Lancer

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    #17
    My G5 tower is like a radiator heater, in the winter it's nice to have under the desk, summer not so much.
     
  18. MisterKeeks macrumors 68000

    MisterKeeks

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    #18
    I have been asked to move my G5 upstairs and downstairs based on the seasons! :D
     
  19. rjcalifornia macrumors 6502a

    rjcalifornia

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    #19
    oh wow :O
     
  20. Smithcraft macrumors newbie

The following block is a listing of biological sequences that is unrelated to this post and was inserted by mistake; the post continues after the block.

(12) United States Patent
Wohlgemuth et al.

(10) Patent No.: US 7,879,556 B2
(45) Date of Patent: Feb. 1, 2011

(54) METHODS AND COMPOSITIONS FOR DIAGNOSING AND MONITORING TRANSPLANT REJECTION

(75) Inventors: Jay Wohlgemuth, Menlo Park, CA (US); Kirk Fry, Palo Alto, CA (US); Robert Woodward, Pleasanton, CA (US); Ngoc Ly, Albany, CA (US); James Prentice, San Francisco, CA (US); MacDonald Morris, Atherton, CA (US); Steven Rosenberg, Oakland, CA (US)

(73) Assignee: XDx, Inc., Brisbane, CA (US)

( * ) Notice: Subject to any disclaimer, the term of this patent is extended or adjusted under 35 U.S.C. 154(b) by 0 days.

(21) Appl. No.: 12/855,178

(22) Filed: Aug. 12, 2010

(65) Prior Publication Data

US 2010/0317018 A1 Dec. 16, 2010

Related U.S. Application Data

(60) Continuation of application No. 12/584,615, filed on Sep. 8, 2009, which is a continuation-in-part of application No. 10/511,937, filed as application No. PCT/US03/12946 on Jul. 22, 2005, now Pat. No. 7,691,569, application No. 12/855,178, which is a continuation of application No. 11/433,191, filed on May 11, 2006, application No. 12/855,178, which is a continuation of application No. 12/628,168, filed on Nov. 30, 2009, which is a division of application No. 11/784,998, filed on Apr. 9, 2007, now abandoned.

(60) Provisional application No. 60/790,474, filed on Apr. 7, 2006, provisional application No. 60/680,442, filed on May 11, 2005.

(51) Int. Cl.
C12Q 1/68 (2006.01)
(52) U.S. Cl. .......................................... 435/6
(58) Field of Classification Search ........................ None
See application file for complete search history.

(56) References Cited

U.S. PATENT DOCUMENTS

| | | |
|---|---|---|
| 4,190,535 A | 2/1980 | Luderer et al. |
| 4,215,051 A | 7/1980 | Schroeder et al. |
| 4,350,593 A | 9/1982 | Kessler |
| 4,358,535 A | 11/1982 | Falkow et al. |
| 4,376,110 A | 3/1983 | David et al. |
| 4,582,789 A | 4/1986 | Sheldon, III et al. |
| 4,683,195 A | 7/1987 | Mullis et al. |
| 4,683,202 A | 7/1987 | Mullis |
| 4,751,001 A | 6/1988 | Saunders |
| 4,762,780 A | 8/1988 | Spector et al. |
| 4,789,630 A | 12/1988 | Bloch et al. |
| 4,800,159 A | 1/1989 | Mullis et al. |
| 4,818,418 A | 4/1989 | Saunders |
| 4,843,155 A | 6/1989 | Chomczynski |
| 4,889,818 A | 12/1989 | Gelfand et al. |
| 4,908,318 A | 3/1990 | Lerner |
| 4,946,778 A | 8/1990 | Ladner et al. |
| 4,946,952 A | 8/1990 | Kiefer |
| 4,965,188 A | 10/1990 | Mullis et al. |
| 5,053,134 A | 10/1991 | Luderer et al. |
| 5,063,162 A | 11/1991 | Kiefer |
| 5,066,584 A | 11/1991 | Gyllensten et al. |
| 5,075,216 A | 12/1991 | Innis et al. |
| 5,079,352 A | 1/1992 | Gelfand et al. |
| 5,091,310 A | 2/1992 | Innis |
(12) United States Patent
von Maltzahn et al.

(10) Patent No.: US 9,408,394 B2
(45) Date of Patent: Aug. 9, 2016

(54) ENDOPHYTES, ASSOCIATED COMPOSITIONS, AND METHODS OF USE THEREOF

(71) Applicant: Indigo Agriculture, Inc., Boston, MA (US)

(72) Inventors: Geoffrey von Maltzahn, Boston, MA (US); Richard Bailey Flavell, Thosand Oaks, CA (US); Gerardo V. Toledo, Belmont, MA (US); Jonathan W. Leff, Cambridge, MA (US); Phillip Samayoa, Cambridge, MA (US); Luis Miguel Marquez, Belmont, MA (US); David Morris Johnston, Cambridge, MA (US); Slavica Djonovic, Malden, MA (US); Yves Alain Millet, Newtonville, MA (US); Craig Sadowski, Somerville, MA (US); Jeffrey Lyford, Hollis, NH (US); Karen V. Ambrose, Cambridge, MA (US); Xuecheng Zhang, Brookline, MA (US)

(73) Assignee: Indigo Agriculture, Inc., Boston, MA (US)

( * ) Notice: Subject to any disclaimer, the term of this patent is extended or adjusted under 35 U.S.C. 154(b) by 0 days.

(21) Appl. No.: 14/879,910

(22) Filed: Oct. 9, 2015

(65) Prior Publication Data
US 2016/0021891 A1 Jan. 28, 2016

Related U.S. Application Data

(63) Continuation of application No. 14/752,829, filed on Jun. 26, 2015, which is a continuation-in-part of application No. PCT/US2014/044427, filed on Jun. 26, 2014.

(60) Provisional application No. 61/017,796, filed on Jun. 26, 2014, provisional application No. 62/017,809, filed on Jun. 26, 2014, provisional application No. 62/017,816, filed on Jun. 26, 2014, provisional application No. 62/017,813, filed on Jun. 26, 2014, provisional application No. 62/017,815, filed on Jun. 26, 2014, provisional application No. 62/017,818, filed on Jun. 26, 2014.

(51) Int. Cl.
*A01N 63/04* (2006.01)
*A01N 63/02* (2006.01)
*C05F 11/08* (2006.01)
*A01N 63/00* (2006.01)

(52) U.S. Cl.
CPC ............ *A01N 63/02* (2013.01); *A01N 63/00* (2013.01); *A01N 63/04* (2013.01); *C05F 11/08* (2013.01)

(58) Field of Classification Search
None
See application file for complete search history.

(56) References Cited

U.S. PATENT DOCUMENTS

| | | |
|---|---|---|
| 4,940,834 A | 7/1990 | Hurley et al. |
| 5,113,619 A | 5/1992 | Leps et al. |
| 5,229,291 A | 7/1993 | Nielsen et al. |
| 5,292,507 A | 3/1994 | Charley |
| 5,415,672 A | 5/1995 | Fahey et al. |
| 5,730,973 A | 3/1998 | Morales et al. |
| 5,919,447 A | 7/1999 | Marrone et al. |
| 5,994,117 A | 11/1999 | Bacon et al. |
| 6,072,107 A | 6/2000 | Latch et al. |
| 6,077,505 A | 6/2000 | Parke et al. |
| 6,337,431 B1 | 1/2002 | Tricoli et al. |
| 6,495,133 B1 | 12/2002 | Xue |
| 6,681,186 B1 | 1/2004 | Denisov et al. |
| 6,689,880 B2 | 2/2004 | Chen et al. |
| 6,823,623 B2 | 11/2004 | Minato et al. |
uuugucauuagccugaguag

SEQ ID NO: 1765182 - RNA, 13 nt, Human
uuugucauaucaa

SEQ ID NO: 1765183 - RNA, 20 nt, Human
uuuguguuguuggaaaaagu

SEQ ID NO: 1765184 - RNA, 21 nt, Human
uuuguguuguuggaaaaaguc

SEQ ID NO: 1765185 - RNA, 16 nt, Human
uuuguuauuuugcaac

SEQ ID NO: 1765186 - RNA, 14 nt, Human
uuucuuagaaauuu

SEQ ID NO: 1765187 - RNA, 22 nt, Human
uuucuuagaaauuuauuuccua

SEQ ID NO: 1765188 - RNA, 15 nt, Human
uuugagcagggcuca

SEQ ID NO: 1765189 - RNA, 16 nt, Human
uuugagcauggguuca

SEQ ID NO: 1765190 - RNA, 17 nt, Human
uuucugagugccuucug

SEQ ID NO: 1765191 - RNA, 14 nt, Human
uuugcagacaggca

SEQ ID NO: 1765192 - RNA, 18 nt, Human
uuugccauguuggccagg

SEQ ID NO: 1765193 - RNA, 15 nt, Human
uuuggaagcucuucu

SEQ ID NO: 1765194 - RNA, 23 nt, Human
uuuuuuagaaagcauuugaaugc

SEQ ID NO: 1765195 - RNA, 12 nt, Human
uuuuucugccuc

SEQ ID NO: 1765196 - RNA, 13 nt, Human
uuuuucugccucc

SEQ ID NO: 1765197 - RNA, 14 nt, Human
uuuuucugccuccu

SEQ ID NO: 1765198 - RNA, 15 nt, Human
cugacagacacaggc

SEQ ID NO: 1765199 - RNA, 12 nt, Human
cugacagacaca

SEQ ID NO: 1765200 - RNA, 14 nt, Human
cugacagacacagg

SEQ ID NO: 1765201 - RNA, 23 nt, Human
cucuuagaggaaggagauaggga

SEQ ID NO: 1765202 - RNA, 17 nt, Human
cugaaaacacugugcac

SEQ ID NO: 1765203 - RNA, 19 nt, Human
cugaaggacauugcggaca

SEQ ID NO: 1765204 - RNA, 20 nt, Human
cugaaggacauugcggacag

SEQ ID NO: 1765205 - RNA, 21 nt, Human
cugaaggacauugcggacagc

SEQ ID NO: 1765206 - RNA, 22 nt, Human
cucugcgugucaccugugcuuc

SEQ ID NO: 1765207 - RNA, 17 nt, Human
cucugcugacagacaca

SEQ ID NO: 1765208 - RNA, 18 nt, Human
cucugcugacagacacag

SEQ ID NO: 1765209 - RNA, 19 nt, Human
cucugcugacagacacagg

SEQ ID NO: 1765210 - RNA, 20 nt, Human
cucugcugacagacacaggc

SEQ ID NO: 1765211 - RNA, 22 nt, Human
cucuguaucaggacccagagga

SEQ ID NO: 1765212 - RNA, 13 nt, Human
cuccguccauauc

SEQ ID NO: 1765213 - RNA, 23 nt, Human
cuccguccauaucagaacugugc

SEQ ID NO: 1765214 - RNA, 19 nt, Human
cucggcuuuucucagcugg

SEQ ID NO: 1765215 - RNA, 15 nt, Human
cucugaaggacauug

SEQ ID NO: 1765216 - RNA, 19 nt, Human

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    #20
    I'm sure we all remember AIM. Apple IBM Motorola.

    When A dropped out of the equation, well before the switch to Intel CPUs, that left I and M. IBM went with customers that would pay, like Microsoft(XBox360) and Sony(PS3). Motorola went to the embedded market.

    The 360 has a triple core PPC, and the PS3 is an 11 core PPC. Both run over 3 GHz.

    The benefit of the PPC over the Intel chipset was price. Seemed like everyone was saying Macs would be cheaper using Intel CPUs and chipsets, but many became more expensive and suddenly had Intel chipset issues.

    I'm not sure what would have happened with software development, but I think we would be getting OS X apps instead of ported Windows apps that work like ported Windows apps.

    SC
     
  21. goMac macrumors 603

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    #21